It has been 18 months since I left the evangelical church. I should probably define what I mean by ‘evangelical’ but that would take a whole article at least. So I’ll simply say that I’m talking about the kind of church where being ‘evangelical’ is important.

If you are reading this you probably either wish you could leave the evangelical church, or think I am crazy or heretical.  This article is aimed mainly at those of you in the first group. I want to reassure you that although you may feel a bit crazy at times, you are in fact completely normal, and almost certainly not heretical (whatever that means…).

Can I leave?

Yes of course you can. It will be hard. You will feel guilty. You will lose friends – but not all your friends. And you will probably be maligned and slandered – but not very often. But you are not alone. Many have left before you, and many will leave after you. You have permission to leave. It is not a mortal sin.

Why do I want to leave?

Of course only you can answer this. But perhaps I can articulate some reasons. Perhaps there are negative factors pushing you away:

  • You are upset about the exclusive ‘them and us’ theology you hear every week.
  • You are angry about a sexist, patriarchal, and misogynistic culture.
  • You cringe when you hear about creationism and hostility towards science.
  • You understand that insisting the Bible is inerrant and infallible is untenable, and can be a cause of many toxic thought patterns and behaviours.
  • You are becoming scared of a culture in which agreement and submission are a condition of belonging.
  • You are distressed by the god who needs to be placated by a bloody sacrifice.
  • You are disturbed that this religion condemns 99.99% of humanity to eternal conscious torment.

You may simply have a growing feeling of uneasiness or alienation, but can’t quite put your finger on exactly why.

Perhaps your reasons are more positive:

  • You have a seen a more inclusive, expansive gospel that unites rather than divides.
  • You are beginning to see the image of God in every person which is changing the way you view people following different faiths and lifestyles to your own.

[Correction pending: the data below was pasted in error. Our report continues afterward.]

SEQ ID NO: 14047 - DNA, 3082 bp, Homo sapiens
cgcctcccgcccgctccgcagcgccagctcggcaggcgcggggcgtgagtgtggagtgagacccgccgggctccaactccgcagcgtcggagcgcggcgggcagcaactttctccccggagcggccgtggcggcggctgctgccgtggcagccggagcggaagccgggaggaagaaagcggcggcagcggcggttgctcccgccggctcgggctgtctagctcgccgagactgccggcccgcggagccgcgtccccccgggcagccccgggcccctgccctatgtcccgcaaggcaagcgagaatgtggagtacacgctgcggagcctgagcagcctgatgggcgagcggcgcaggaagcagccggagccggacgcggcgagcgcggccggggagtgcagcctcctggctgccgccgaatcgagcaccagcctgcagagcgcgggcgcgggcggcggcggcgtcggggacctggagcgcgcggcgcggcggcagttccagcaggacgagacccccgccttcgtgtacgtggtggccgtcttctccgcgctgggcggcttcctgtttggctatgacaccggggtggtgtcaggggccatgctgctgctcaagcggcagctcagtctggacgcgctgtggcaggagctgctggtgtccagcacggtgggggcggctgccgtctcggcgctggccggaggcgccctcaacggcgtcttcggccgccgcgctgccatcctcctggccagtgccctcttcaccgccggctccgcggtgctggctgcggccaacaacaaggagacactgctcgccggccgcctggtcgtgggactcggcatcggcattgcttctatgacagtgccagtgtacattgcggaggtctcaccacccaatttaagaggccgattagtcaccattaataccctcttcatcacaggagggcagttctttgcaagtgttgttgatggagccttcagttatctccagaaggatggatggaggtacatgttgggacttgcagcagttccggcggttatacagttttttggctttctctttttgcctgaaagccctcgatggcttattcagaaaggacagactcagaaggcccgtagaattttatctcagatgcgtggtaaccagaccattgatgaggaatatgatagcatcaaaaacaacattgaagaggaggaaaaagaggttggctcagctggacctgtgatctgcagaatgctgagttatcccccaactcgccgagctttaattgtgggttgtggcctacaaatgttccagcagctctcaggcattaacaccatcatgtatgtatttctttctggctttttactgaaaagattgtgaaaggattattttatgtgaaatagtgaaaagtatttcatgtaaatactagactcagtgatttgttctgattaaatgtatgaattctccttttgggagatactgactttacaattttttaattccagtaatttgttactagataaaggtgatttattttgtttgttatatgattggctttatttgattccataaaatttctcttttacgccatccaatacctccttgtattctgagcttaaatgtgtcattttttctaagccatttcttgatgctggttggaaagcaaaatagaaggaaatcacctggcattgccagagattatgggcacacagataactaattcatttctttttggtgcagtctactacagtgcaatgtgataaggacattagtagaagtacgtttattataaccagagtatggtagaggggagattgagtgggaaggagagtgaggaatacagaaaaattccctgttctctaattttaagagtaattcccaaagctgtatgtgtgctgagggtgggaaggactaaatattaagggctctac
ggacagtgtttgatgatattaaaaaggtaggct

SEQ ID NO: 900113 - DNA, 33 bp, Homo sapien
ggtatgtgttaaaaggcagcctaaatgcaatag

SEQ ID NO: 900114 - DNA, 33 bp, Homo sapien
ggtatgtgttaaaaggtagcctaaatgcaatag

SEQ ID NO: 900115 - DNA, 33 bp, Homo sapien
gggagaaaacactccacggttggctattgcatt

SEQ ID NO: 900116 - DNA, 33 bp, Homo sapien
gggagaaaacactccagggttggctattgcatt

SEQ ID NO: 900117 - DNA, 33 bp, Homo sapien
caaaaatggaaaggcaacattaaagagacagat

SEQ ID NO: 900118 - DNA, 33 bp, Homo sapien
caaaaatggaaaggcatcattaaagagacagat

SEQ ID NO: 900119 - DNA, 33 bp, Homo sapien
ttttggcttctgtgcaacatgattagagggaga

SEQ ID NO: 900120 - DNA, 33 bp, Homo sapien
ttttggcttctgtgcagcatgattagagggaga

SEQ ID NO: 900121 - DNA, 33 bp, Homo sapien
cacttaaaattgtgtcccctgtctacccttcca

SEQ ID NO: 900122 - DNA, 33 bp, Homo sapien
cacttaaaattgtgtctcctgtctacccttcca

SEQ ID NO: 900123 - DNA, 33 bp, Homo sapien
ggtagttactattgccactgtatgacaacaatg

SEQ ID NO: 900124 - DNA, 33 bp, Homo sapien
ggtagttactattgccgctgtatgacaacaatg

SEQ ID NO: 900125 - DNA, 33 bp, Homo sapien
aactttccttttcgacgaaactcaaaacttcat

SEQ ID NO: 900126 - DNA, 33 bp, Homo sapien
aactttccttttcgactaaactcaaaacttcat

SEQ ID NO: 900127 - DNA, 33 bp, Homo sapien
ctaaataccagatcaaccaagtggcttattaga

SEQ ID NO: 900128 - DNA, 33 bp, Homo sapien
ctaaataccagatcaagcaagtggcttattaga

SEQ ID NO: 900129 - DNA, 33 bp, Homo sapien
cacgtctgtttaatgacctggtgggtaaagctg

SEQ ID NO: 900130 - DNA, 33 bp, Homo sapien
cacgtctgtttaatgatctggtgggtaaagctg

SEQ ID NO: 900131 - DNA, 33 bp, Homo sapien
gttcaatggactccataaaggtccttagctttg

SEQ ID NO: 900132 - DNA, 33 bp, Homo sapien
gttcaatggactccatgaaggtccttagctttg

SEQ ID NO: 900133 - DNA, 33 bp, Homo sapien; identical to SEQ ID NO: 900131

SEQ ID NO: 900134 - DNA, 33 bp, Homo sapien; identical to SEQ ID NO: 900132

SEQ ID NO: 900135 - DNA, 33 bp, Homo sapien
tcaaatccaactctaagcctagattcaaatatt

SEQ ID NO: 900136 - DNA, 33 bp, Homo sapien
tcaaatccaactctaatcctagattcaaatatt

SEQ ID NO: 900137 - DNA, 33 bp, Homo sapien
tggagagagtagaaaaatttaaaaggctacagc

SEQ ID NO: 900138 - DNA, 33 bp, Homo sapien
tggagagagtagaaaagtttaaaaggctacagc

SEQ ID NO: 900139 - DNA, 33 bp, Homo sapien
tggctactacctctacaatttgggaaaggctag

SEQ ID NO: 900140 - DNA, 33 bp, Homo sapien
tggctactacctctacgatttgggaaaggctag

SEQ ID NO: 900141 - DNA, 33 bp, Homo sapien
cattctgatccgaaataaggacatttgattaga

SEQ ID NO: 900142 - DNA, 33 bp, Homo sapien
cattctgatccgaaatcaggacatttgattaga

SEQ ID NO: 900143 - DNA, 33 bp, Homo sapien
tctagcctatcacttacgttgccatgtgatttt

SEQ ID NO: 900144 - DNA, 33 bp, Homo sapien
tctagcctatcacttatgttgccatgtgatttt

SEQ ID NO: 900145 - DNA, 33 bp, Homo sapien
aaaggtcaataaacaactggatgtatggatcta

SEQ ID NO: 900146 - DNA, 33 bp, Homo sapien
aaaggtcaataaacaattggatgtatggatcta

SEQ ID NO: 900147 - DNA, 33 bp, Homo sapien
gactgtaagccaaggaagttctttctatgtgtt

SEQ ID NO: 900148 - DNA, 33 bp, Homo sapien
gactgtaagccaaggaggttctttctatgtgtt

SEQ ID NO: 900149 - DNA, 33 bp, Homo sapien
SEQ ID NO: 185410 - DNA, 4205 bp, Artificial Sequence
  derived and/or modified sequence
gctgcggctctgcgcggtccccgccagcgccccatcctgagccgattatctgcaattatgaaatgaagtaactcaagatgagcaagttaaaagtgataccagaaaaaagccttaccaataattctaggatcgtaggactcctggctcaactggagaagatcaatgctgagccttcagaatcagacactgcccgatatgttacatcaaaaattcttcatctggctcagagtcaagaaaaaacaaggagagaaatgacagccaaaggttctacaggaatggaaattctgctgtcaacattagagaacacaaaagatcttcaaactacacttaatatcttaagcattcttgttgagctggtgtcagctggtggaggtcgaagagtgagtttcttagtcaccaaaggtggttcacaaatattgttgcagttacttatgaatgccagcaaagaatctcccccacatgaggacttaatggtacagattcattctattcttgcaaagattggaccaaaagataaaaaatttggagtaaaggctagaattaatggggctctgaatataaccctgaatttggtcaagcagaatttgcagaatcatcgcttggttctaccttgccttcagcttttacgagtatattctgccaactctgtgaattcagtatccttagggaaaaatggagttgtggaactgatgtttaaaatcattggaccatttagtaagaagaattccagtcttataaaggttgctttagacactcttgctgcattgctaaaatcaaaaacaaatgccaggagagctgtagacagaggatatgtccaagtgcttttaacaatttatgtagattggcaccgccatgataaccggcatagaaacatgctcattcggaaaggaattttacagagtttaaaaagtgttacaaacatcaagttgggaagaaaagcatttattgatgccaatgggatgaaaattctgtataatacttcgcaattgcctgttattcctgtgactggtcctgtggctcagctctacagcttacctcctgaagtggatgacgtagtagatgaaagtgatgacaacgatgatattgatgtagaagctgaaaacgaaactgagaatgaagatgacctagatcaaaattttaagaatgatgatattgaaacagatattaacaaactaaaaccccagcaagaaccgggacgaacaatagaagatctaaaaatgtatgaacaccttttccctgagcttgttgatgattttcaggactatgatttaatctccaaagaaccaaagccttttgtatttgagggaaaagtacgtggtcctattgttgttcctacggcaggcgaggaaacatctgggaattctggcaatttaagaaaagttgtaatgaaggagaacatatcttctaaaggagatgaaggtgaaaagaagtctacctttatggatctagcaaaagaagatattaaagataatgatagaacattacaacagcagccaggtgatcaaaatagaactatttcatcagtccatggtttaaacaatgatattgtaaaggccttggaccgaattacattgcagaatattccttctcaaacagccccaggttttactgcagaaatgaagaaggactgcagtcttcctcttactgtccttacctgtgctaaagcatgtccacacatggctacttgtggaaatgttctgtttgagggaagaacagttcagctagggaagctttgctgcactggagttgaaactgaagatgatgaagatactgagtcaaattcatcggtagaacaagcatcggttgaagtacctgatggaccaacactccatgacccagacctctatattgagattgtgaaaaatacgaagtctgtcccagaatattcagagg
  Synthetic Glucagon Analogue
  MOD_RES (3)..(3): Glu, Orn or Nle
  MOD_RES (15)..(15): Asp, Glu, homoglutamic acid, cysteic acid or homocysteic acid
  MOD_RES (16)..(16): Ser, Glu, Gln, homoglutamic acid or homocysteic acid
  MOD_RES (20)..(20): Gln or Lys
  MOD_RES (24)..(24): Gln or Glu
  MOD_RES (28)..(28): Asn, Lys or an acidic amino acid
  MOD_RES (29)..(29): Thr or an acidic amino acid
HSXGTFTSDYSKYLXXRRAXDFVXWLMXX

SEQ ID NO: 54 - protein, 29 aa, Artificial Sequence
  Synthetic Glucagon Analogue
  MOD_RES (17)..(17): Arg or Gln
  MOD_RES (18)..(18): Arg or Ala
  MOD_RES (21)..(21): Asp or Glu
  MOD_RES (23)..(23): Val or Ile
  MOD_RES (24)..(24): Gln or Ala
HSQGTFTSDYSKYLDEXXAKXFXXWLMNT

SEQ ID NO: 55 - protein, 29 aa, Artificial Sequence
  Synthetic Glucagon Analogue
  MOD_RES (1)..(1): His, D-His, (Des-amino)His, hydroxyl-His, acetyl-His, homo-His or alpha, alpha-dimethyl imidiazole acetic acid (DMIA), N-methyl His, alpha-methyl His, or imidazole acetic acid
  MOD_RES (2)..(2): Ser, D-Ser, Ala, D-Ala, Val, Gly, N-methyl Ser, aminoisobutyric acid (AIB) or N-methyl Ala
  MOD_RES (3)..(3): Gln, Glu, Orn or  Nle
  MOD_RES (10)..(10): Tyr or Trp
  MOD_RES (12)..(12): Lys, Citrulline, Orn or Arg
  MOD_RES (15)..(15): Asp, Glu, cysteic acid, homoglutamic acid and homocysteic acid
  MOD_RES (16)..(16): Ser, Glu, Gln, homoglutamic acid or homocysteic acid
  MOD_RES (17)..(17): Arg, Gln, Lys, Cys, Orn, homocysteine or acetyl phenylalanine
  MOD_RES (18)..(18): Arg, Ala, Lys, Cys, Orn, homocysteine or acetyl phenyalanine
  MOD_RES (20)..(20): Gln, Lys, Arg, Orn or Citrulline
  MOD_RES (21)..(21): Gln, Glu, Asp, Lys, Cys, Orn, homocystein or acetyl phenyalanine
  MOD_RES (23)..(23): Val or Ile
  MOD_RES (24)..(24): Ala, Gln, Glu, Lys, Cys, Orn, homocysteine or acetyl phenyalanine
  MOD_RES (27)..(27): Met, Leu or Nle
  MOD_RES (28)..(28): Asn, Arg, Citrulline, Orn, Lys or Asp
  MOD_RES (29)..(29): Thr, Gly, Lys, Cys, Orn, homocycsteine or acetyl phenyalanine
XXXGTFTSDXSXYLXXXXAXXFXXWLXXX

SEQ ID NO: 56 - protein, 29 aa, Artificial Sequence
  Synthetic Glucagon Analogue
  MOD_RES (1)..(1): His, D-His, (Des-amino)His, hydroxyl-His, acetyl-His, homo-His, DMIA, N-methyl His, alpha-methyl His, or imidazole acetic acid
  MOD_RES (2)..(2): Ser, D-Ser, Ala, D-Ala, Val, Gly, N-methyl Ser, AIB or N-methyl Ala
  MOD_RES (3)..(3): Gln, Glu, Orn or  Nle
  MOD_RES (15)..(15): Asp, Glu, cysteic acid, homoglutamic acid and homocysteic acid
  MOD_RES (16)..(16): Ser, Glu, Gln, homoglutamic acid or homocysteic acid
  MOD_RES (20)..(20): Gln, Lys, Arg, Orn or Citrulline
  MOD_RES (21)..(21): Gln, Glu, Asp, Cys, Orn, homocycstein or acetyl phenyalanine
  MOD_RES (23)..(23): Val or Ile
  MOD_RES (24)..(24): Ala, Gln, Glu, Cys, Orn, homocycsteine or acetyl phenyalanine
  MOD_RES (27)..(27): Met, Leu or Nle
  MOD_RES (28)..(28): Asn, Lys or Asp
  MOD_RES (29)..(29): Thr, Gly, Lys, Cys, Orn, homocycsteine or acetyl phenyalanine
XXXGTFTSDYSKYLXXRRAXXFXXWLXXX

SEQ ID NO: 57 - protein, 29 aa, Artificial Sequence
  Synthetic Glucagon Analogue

• You are believe that a life of faith does not mean being anti-scientific or anti-academic study.
  • You are becoming convinced that if the gospel is good news for anyone then it must be good news for everyone.

Or perhaps you’re just not sure any more. Not sure that everything you have been told is true. Not sure whether God exists. Not sure what any of this means.

Are these people wrong?

Perhaps this is the wrong question. In my 50+ years in the evangelical church I have rarely met people who were wilfully manipulative or self-seeking. Almost all were people of integrity, well-meaning and sincere. Maybe Spirit is just leading you along a different path.

What should I do?

One thing is sure – once you have seen a glimpse of something different, you cannot un-see it. You may supress it or try to ignore it but ultimately it will not go away. I am not an authority but these suggestions might be helpful.

  • Know that you are not alone. There are many other good, faithful, sane Christians who have gone through and are going through the same as you.
  • Confront the reasons you are uneasy with the evangelical church. It is more comfortable to ignore the niggling doubts, but in the long run this will almost certainly be unhelpful.
  • If you are seeing something new, acknowledge it, and acknowledge it is good. There is a more beautiful gospel. Once you have seen you cannot un-see.
  • Talk about it. If you have friends who are open to talk about your concerns, then great. But if not, find someone to who is. If you don’t know anyone contact me. I would consider it a privilege and an honour to give you a safe and confidential space to talk things through.
  • Realise you may go through a period of months or even years where faith is very hard or impossible for you. This is a normal and positive part of the journey.
  • Be open to different expressions of faith. This evangelical now venerates icons and is the better for it.
  • Follow your instincts. He who is in you will lead you into all truth.

What do you think?

In my faith journey I have had to work through a number of issues. I plan to write about some of these in future. But please let me know if there is anything specific you would like me to address in future articles. I would welcome your feedback in the comments below. Or you can use Twitter to message me directly.